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UK EU Referendum to be shelved

London Evening Standard | June 2, 2005
By Joe Murphy and Jason Beattie

Jack Straw is today preparing to pull the plug on Britain's referendum on the EU constitution.

Senior Whitehall sources said the Foreign Secretary will announce on Monday that the Bill paving the way for Britain's vote is to be put on hold.

The move, which follows "no" votes by the French and Dutch, is a further sign the controversial treaty is in its death throes.

Britain is unwilling to be the first country to declare the treaty dead, but Mr Straw is expected to use his statement to MPs to make clear the

difficulties of resuscitating it.

According to reports, he will tell MPs the Bill allowing for a referendum in the UK is to be put on ice indefinitely.

A Foreign Office source said: "We are going to make a statement. We haven't decided exactly what the statement is going to say but it will refer to the Bill."

Europe Minister Douglas

Alexander said public opinion could not be ignored. His words left no doubt that Tony Blair wants the constitution to be abandoned when EU leaders meet to discuss the crisis on 16 June.

But the Prime Minister was fighting behind the scenes against pressure from France and Germany to go through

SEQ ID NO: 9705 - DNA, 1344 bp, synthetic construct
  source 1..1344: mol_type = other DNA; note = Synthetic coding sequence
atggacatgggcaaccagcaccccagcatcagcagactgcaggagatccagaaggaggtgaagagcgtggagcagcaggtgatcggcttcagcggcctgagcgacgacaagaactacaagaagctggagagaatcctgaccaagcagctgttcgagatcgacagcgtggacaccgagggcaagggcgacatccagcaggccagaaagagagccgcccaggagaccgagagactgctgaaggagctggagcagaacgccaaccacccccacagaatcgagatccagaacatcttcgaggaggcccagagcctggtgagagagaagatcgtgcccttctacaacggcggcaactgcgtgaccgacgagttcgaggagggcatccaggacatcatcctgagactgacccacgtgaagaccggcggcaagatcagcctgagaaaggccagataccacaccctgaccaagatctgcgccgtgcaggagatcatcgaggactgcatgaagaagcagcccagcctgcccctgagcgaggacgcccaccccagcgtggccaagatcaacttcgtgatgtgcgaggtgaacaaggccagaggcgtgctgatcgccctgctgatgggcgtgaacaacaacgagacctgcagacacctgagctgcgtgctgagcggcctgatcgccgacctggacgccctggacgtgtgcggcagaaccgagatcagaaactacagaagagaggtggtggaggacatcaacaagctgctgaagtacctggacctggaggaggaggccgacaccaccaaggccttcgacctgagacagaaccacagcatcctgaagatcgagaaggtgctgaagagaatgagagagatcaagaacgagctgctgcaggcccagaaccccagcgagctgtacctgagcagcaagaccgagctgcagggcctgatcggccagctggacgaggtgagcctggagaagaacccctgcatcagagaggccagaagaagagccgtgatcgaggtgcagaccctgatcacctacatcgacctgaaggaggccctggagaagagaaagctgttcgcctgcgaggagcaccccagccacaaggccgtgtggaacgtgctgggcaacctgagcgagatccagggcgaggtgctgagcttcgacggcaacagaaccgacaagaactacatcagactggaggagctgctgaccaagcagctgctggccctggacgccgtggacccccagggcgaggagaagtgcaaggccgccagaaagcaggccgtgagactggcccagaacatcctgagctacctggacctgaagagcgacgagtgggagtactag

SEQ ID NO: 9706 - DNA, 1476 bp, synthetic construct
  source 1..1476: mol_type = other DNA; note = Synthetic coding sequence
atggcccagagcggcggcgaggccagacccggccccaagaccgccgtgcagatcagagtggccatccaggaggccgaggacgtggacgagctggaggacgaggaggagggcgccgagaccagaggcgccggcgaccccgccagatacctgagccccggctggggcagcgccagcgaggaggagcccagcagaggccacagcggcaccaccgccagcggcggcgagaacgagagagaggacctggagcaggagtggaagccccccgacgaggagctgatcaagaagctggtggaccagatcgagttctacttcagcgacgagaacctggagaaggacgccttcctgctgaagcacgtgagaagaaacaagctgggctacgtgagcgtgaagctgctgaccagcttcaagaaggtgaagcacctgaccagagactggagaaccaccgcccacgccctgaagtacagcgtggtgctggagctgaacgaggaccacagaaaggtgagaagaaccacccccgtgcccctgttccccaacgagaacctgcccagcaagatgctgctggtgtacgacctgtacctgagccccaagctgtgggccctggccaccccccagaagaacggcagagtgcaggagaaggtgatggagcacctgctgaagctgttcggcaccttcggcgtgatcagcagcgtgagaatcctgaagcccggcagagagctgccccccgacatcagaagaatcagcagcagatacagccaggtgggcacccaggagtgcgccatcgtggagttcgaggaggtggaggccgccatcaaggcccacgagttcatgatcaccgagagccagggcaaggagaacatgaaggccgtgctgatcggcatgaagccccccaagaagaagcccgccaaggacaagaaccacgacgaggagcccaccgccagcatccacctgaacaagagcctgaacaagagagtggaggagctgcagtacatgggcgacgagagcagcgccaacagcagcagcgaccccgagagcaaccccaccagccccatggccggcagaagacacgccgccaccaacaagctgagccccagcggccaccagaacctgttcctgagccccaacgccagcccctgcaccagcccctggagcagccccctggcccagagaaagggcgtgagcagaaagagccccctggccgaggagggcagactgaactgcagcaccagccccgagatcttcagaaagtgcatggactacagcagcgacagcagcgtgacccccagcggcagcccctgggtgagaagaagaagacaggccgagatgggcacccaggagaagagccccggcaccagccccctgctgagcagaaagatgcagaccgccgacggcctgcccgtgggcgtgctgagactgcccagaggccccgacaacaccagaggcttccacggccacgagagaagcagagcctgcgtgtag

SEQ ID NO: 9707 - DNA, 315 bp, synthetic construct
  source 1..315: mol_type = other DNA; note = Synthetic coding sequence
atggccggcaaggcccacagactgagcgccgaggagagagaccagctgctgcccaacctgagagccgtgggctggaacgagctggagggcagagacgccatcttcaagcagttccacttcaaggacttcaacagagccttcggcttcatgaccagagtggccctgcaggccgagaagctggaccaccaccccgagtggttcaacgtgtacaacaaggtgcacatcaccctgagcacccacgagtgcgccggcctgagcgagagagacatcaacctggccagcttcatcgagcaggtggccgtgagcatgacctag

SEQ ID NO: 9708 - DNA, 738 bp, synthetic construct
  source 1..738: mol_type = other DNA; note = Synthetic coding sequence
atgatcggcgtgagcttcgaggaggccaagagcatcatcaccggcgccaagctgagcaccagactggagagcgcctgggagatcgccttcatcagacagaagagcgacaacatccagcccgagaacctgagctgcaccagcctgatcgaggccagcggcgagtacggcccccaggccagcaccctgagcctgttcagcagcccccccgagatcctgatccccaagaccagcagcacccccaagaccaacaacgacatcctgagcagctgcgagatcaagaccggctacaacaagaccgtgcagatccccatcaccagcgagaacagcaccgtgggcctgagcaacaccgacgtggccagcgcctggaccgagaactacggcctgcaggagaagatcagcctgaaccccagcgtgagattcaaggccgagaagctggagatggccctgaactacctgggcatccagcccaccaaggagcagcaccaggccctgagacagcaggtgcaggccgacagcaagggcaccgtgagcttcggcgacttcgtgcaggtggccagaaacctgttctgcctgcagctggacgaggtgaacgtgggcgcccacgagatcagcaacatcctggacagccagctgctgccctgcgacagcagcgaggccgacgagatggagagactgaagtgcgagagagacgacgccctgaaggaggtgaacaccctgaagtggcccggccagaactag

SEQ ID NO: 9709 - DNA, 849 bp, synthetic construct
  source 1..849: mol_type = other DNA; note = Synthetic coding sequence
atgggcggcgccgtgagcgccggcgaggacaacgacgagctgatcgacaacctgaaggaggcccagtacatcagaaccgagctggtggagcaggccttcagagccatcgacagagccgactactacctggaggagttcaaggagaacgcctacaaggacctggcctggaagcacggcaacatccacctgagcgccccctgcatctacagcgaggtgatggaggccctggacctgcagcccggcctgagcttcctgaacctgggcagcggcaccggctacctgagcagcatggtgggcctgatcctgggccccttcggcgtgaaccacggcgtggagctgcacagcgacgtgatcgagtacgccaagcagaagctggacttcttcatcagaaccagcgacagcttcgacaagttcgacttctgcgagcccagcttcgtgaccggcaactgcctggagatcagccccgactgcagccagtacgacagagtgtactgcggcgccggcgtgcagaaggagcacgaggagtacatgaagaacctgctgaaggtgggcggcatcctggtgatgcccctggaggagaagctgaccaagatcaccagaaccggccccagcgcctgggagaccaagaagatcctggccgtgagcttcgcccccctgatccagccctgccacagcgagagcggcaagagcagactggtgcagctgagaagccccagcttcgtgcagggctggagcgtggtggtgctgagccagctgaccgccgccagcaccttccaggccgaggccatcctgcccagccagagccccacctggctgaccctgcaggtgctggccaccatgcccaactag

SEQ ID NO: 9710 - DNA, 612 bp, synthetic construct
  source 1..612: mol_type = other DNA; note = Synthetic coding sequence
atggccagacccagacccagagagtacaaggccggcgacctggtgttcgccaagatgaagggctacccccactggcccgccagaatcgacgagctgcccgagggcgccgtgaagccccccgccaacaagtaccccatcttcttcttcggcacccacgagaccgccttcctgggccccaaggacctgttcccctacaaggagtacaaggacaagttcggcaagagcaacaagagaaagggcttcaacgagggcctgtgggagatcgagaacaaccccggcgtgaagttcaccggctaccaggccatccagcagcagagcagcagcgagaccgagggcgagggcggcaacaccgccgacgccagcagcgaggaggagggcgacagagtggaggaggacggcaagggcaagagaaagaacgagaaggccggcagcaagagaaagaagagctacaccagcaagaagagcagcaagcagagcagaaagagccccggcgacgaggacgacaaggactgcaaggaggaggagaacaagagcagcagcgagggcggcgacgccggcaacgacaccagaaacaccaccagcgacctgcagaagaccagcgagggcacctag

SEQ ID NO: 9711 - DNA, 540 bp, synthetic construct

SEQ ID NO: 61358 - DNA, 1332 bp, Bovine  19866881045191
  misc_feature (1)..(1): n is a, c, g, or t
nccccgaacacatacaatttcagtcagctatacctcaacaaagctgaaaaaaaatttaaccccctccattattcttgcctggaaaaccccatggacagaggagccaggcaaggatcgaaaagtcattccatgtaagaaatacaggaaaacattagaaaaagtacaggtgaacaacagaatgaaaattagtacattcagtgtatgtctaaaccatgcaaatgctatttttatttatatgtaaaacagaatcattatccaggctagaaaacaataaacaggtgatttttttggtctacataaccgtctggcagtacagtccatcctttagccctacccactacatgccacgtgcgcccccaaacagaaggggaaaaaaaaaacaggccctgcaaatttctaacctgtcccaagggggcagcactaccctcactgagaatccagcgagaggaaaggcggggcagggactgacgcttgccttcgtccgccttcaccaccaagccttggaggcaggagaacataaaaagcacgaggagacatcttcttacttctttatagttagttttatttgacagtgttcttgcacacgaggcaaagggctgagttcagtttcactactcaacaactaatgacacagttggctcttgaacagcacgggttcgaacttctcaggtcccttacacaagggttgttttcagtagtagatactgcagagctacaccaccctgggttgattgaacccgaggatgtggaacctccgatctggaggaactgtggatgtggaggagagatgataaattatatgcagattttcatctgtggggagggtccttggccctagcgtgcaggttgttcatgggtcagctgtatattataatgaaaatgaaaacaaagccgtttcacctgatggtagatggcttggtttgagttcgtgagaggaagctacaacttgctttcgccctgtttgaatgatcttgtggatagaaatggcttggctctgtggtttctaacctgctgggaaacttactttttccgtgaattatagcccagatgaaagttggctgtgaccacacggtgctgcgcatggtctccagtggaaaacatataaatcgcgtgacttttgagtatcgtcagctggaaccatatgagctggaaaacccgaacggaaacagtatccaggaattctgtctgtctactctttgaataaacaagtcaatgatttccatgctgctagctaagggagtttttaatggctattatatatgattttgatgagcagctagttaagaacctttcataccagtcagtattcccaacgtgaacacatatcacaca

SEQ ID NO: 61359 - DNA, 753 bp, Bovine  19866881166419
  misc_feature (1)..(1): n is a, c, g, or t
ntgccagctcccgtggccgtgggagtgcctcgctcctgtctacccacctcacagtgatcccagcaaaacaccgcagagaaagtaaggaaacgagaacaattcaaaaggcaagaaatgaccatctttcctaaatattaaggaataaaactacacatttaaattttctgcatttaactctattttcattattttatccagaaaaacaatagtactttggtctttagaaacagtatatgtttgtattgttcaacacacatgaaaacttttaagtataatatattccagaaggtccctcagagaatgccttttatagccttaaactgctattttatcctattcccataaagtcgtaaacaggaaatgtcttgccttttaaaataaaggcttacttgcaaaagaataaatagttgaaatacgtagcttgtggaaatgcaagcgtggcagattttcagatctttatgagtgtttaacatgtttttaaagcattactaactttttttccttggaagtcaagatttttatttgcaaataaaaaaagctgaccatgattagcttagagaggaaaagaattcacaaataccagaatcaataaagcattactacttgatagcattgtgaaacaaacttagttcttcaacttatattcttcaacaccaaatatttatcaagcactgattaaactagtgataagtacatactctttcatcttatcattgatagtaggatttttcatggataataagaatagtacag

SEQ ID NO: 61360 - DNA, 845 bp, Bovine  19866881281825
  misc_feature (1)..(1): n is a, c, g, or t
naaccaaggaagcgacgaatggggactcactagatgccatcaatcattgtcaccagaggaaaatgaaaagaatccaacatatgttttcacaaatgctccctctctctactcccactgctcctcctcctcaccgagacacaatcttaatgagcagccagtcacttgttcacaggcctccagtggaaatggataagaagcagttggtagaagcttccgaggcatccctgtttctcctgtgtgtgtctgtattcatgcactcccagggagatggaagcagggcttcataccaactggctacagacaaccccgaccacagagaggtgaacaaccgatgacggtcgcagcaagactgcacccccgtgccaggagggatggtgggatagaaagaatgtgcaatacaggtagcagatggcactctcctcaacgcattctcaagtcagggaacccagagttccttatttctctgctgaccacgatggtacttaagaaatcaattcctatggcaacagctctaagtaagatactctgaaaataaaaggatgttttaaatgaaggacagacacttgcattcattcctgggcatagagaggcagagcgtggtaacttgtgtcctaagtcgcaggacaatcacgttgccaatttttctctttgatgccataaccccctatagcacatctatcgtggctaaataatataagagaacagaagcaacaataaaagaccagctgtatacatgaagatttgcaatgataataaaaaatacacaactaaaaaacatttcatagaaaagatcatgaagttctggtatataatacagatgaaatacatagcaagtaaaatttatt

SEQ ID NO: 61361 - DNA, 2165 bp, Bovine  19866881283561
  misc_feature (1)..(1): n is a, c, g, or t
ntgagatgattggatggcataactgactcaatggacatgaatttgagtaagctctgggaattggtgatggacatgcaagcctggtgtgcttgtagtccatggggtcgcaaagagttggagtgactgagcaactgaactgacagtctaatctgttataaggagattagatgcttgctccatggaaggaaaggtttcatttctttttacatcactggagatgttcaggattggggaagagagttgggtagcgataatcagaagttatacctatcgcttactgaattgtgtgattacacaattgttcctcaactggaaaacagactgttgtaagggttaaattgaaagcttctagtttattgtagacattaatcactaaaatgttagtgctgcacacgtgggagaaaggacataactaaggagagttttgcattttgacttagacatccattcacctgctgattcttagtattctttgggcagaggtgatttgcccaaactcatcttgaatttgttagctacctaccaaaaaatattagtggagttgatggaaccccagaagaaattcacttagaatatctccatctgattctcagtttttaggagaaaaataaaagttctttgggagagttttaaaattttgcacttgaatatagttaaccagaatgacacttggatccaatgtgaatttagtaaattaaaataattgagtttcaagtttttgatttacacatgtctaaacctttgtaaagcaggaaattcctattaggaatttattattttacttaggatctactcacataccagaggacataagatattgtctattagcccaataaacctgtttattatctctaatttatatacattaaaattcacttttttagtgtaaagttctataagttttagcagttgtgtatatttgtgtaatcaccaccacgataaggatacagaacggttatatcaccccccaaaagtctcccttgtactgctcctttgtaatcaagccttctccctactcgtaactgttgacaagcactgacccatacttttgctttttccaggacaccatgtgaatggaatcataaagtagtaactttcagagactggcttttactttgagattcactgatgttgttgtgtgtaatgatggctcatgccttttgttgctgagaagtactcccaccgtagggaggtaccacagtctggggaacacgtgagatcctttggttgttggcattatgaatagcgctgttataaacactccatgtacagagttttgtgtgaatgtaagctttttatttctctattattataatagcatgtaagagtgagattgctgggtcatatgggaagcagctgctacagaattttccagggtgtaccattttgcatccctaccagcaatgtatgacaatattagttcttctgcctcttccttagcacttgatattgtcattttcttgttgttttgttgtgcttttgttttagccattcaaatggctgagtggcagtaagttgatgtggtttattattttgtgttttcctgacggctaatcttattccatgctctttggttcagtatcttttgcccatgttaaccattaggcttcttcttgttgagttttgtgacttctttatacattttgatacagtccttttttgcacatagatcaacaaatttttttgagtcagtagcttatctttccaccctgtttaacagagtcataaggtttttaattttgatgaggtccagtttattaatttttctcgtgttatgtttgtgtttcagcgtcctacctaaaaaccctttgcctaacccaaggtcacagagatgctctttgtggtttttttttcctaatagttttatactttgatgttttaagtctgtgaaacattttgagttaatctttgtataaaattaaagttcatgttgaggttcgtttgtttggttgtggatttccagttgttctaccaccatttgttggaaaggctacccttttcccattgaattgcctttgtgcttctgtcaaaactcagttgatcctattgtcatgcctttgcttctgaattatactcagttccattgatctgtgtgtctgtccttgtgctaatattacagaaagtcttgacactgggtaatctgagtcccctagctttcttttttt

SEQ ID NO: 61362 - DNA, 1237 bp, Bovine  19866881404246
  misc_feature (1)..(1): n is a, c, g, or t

the motions of holding a UK referendum - which ministers think would end in an even bigger rejection.

The Dutch voted by 61.6 per cent to 38.4 against the blueprint for Europe's future after a campaign highlighting anger at rising inflation, immigration and loss of sovereignty. Mr Alexander said: "These two no votes leave the constitutional treaty in serious difficulties ... but it is not for one country to declare it dead."

He said it was now up to the French and Dutch to say whether they could ever pass it. He expected talks to take several months.

While British party leaders were unanimous in declaring the constitution dead, German chancellor Gerhard Schrˆder joined forces with France's Jacques Chirac in refusing to accept the verdict.

Germany was reported to be proposing an "inner core" of EU members to recreate the old Franco-German axis.

Luxembourg, which holds the presidency of the EU Council, piled the pressure on Britain to go ahead with a referendum next year.

Sir Menzies Campbell, the Liberal Democrat foreign affairs spokesman, said the decision to kill off the Bill was "inevitable".


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